2-Minute Neuroscience: The Ventricles

Author: Neuroscientifically Challenged

Welcome to 2 minute neuroscience, where I simplistically explain neuroscience topics in 2 minutes or less. In this installment I will discuss the ventricles. The ventricles are a network of cavities that are distributed throughout the brain.

They are lined with a specialized membrane called the choroid plexus, which is composed of glial cells called ependymal cells. Ependymal cells are specially designed to secrete cerebrospinal fluid, which then flows through the ventricles and around the brain. Thus the main role of the ventricles is the production and distribution of cerebrospinal fluid. Cerebrospinal fluid, or CSF as it is commonly called, is a clear colorless liquid that performs a number of important functions in the brain. Among other things, CSF surrounds the brain, forming a protective layer and suspending the brain in fluid, which reduces the strain forces like gravity would have on the brain. Also, it constantly flows through and around the brain removing toxins and regulating the extracellular environment of neurons. There are 4 ventricles.

There are two C-shaped lateral ventricles, one in each of the cerebral hemispheres. The lateral ventricles are connected to a third ventricle by an opening called the interventricular foramen. The third ventricle is a narrow cavity that runs along the midline of the diencephalon. It looks something like a misshapen donut, and the section that would be the hole of the donut is an area known as the interthalamic adhesion. In this section the thalamus makes up the wall of the third ventricle. The third ventricle communicates with the fourth ventricle via the cerebral aqueduct. The fourth ventricle is wedged between the cerebellum on one side and the brainstem on the other.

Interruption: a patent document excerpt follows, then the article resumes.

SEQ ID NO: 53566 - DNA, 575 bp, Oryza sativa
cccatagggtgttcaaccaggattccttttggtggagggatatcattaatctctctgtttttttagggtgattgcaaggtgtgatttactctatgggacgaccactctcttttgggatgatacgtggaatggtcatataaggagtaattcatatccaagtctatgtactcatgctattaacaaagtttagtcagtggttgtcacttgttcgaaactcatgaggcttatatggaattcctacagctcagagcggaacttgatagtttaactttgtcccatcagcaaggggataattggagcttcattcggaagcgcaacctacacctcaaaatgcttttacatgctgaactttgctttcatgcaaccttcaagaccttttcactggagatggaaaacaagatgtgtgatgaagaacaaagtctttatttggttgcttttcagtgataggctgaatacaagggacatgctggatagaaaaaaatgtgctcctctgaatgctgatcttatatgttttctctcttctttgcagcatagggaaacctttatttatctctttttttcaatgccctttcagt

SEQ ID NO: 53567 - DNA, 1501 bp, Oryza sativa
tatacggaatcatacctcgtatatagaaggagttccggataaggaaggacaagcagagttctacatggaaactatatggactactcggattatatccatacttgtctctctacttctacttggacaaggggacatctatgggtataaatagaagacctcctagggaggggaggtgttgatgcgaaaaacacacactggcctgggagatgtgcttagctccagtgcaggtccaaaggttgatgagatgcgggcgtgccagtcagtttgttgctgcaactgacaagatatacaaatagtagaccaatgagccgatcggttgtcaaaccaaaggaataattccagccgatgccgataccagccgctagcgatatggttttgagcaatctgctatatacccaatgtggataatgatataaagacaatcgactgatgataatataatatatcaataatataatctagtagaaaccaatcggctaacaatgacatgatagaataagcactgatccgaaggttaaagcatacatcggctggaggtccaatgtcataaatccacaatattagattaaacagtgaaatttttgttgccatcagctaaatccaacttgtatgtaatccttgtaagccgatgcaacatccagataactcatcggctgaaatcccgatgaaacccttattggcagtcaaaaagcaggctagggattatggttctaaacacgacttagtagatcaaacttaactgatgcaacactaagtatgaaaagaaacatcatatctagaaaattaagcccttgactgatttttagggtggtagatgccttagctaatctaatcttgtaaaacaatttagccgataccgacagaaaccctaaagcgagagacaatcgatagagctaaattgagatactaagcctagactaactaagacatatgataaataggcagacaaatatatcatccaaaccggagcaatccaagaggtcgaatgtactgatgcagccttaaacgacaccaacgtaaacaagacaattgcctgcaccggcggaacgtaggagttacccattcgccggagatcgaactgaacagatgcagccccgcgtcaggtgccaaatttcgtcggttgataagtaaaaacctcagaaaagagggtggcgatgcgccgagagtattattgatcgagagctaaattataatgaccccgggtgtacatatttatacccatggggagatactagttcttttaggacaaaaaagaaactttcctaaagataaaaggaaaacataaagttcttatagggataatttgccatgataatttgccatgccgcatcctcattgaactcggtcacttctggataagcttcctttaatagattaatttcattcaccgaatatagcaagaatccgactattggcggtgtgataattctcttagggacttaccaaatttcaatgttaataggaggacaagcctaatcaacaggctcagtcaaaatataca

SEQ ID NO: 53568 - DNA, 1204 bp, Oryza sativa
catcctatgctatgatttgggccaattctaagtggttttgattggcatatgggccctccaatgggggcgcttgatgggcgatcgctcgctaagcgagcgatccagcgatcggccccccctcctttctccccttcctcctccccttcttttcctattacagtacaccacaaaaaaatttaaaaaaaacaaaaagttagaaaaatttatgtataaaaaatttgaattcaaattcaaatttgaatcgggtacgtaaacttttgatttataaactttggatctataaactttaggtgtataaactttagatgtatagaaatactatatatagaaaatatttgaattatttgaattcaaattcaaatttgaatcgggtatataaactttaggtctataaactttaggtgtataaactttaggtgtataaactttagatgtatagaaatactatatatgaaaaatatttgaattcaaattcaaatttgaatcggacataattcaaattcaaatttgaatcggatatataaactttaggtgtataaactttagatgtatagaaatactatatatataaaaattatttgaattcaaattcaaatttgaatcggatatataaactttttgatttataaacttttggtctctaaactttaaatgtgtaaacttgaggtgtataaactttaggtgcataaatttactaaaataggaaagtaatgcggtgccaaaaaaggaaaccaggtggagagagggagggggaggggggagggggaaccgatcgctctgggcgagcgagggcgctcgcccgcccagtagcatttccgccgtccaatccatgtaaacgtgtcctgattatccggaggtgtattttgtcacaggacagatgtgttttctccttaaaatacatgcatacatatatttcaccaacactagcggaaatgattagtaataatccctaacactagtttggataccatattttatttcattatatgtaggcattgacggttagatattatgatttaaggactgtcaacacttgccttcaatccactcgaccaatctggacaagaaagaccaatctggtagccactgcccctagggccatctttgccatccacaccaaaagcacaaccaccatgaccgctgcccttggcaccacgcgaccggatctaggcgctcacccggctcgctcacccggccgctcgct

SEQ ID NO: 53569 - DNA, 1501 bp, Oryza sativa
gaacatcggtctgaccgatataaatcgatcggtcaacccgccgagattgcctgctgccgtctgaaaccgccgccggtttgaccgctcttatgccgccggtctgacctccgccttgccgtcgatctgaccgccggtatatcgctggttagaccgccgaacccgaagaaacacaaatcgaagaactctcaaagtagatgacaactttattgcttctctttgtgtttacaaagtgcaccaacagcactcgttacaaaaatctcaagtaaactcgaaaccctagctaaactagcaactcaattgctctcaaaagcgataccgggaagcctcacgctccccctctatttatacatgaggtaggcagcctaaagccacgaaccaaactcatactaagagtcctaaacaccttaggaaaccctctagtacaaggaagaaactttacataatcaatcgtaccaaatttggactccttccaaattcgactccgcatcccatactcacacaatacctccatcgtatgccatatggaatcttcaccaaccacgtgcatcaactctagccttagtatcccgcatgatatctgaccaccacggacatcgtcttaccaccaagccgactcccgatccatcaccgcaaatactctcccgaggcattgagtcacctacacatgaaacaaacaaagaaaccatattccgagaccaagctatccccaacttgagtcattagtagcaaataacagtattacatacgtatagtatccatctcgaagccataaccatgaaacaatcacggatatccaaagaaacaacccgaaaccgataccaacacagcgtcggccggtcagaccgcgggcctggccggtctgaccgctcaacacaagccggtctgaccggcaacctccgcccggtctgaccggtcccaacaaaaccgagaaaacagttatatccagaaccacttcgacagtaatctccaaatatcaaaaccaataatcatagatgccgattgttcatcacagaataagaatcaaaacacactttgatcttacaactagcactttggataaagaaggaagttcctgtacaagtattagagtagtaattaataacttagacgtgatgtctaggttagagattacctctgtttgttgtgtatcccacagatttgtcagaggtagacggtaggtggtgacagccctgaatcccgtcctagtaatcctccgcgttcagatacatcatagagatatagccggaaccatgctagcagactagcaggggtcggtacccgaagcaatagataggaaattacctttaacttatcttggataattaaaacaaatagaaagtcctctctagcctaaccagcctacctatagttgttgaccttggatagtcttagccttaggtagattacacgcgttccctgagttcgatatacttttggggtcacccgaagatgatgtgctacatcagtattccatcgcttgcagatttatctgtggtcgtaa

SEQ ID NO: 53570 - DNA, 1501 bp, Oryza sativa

The fourth ventricle is shaped like a tent whose peak protrudes into the cerebellum. There are three openings in the fourth ventricle that allow cerebrospinal fluid to enter the subarachnoid space, a CSF-containing cavity that surrounds the brain. Thus, CSF leaves the ventricular system via the 4th ventricle. The 4th ventricle extends to, and is continuous with, the central canal, a CSF-filled cavity that runs the length of the spinal cord. If CSF circulation is blocked as by a tumor, or is otherwise abnormally excessive, it can result in increased pressure and expansion of the ventricles. This creates a condition known as hydrocephalus, which can cause a variety of complications and be life-threatening.

2-Minute Neuroscience: The Ventricles

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